I walk into Row New York’s Queen’s boathouse to facilitate my weekly Girl’s Empowerment workshop on a hot July afternoon dripping sweat. I see fifteen middle school students flopped on the floor in front of a large fan on top of yoga mats, “Alright, 5 minutes until group!” I shout out. I put out the materials for the day’s workshop and ask the girls to join me and form a circle. I look around to the bright faces of girls of color and explain, “Today we are going to talking about stereotypes, how they affect us and ways to dismantle them. We are going to do this by creating “Just Because” poems.” I read mine aloud as an example and one girl says, “Wow, that was powerful.” “Tell me what was powerful about it?” I ask. “I guess it’s just cool to like hear you like own you, you know?” “Absolutely, I do know. Your turn now.”
The girls went off to work on their poems and I walked around observing. I always try to remind myself to never be shocked by the power and intellect adolescents exude when given the chance to reflect upon their identities. Yet, I couldn’t help it; I was floored. These young women range in age from eleven to thirteen - their level of introspection was extraordinary. Throughout my career, I have vigorously challenged the construct that children must be a certain age to explore challenging and angst-producing topics such as politics and power structures. However, it is clear now more than ever that humans are never too young to reflect on who they are in relation to the world.
Carol Hanisch discussed in her 1969 essay, “The Personal is Political,” that everything a person does is inherently political and rooted within the political context of the time. The choices we make, and the acts we engage in, are reflective of the greater culture at large. It is imperative that young people, especially young girls of color, are granted the opportunity to see themselves as contributing members of society. It is critical to for young girls of color to appreciate the fact that their lives matter, their ideas have meaning and their perspectives are valuable.
“Do we have to stand up when we read our poems?” asked one student. I smiled, and before I had the chance to respond, another student says, “Yea, she gonna make us do that.” We laughed, but I ask them, “Why do you think I want you to stand in front of us all, with strong posture and a clear, loud voice?” “So, you know, we can build confidence and like feel good.” says an 11-year-old. “Yes, we do this, to stand tall and proud as we announce our identities.” I asked “Who wants to go first?” At least five hands go up. “Amazing, I love the bravery and strength I am seeing today. Let’s do this.”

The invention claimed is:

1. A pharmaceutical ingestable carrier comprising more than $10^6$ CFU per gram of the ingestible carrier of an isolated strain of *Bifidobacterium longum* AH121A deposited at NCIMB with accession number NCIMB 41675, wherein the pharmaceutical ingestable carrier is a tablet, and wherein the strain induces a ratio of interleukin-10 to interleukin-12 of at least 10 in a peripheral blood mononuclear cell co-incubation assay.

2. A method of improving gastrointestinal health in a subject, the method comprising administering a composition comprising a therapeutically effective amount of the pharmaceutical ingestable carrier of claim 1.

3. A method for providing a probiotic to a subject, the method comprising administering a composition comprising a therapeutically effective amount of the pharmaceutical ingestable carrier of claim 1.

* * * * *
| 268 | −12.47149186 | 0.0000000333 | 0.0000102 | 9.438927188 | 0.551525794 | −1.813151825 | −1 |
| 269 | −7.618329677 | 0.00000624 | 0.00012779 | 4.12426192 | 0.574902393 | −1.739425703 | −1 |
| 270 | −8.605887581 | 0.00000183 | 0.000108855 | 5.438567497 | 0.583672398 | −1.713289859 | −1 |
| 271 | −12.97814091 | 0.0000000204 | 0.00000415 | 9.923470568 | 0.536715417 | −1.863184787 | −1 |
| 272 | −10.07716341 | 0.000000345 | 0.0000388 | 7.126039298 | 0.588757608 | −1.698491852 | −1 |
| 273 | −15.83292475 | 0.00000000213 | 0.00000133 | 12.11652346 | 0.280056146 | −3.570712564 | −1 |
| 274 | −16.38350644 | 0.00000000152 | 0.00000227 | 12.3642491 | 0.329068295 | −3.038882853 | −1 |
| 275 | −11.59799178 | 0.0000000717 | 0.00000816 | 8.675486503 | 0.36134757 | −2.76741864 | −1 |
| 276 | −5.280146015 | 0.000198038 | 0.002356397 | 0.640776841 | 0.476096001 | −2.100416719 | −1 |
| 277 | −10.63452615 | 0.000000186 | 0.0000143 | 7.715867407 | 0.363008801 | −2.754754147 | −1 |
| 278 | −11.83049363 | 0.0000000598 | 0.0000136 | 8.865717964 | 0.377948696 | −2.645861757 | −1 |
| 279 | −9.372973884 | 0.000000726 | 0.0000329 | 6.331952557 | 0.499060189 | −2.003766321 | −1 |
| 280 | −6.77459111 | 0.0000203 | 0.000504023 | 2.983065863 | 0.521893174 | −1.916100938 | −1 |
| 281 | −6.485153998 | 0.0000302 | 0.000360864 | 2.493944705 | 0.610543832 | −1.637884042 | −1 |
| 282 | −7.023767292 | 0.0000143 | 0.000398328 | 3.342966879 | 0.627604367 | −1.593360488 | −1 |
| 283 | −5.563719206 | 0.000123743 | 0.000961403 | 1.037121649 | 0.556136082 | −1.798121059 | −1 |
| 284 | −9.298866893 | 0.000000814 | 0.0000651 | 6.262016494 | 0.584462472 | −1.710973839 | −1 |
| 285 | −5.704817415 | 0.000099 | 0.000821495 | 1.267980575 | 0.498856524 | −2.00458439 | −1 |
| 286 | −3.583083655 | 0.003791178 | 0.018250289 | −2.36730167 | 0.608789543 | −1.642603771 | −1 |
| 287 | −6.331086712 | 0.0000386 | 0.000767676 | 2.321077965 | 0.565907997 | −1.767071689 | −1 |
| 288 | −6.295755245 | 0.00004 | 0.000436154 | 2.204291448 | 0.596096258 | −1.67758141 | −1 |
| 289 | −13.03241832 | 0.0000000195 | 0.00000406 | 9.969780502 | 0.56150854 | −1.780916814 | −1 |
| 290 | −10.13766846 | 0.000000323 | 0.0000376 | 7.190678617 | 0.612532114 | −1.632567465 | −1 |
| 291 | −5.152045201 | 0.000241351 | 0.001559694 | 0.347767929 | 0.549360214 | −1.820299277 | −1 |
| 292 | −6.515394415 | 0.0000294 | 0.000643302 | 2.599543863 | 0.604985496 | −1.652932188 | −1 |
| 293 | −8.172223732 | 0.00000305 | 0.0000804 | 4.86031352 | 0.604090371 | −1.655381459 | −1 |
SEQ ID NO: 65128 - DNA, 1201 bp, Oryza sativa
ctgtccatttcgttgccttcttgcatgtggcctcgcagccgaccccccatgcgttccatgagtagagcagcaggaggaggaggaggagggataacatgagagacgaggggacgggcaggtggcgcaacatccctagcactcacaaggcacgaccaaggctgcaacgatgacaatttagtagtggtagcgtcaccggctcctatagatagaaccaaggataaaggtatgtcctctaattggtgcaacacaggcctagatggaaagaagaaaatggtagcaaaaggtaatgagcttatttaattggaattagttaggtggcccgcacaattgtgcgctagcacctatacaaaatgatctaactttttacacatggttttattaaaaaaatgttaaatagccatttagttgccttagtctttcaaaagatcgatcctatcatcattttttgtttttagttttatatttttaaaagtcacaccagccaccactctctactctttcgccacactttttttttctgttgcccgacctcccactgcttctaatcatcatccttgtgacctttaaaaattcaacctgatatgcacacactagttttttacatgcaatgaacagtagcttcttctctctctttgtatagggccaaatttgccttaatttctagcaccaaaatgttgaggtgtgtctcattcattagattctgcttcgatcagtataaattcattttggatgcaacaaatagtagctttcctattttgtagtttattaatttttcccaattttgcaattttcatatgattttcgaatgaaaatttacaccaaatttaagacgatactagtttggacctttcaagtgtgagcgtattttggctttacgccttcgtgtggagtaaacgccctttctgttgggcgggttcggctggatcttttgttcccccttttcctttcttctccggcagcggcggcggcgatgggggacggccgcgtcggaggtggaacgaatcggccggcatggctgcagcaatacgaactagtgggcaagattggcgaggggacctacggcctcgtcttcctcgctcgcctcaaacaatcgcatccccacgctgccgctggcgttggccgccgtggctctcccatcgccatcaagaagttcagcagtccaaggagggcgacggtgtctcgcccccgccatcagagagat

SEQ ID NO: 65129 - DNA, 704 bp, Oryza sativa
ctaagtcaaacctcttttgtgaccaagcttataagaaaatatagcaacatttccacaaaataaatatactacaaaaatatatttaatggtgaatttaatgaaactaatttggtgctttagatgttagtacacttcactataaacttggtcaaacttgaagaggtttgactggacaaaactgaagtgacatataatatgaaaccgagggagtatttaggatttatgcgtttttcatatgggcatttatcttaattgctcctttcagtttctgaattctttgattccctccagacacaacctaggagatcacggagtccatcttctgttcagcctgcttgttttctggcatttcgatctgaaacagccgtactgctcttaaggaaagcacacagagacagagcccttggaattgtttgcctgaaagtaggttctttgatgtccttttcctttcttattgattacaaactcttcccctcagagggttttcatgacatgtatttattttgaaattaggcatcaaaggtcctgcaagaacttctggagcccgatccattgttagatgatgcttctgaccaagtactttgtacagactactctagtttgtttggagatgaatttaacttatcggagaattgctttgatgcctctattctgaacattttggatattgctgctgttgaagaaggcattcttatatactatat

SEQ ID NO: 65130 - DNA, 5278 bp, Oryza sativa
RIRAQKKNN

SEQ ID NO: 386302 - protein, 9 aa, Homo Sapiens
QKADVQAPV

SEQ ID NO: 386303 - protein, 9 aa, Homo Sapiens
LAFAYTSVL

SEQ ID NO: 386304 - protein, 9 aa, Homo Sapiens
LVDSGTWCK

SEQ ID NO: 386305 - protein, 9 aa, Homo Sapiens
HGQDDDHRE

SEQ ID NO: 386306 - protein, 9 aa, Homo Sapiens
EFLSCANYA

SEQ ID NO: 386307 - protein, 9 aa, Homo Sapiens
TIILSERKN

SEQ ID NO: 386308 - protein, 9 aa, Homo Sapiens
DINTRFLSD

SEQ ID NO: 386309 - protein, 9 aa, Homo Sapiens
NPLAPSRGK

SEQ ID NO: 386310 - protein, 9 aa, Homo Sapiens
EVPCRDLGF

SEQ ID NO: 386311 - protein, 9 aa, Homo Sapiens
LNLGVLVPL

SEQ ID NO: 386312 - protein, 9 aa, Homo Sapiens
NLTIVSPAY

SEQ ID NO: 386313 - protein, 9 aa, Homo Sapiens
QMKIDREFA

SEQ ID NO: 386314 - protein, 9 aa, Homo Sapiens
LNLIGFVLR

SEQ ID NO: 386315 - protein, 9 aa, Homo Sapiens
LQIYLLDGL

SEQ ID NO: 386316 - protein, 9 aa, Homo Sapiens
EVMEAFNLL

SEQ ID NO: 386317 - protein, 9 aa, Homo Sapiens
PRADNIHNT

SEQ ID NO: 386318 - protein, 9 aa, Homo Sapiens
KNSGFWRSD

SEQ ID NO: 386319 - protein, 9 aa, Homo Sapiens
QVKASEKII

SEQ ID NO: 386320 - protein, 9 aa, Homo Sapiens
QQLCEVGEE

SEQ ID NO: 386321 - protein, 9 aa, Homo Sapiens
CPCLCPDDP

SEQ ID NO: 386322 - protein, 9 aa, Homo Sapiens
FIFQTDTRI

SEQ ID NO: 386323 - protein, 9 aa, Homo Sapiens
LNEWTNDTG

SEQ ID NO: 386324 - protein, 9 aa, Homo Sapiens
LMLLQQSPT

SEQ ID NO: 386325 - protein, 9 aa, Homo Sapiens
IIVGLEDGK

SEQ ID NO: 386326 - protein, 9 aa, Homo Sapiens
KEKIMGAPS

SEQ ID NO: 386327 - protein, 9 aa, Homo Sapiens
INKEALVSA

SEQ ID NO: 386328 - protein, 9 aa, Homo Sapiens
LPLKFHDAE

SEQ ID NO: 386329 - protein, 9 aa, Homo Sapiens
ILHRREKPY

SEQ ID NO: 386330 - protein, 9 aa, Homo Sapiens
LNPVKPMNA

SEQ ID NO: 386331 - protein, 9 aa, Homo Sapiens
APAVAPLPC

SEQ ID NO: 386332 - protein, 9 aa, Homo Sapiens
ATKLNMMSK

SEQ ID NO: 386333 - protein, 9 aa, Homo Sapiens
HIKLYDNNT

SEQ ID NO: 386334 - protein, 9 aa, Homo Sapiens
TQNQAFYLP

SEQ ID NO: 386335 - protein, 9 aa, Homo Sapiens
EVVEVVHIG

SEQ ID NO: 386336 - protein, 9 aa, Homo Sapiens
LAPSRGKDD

The prompt simply was to state an identifying factor such as “Just because I am a girl” with an opposition to the stereotype that may be associated, “does not mean I am weak.” I did not set a numerical limit or expectation of the number they could present. The first girl is twelve years old - she stood up, set her posture tall, and read aloud with powerful elocution:
"Just because I am short does not mean I like being called short.
Just because I am a woman doesn’t mean you should tell me to act like one.
Just because I am hispanic doesn’t mean I bring drugs to the US.
Just because I am an immigrant doesn’t mean I like being seperated from my family.
Just because I am latina doesn’t mean I will get pregnant by 15.
Just because I live in Corona does not mean I am ghetto.
Just because I am hispanic does not mean I need to be in an ESL class.
Just because I am a woman does not mean I deserved to be cat called at."
The majority of the girls at the Row New York summer camp in the Queens location are from the immediate community of Flushing and Corona. Almost all of the participants are of Latinx decent and it was clear this is the foundation of their identities. What makes this most apparent is that almost all girls wrote, “just because I am Hispanic does not mean I am a criminal” and “just because I am Mexican, does not mean I’m an immigrant, drug dealer or taco lover.” These young girls are consciously debunking the negative and destructive stereotypes often foisted on them by society.
After everyone reads their poems, I asked them to use one word to describe how they felt in the moment. While some said “powerful,” and “strong,” a few, and one in particular expressed their disappointment and sadness as to how they are perceived. A thirteen-year-old girl said, “I am discouraged because I know society won’t change.” I tell them that we all feel this way at times and it’s okay but I ask her, “Do you know the history of girl groups?” “No” she answers. I explains, “When women and girls come together in a circle to discuss their experiences and identities and work to challenge stereotypes placed on them by society, not only is it powerful but it is a radical and political act of resistance.” I continue, “Our fore-sisters before us understood the power and change that comes when women come together. Sharing our stories and participating in sister circles is where change happens. We take what we learn here, we listen to one another and realize we are not alone and, together, we rise.”
Future Leaders in Action is providing me the opportunity to further develop my group facilitation and curriculum development skills. It is an honor to work with the courageous and strong girls of Row New York.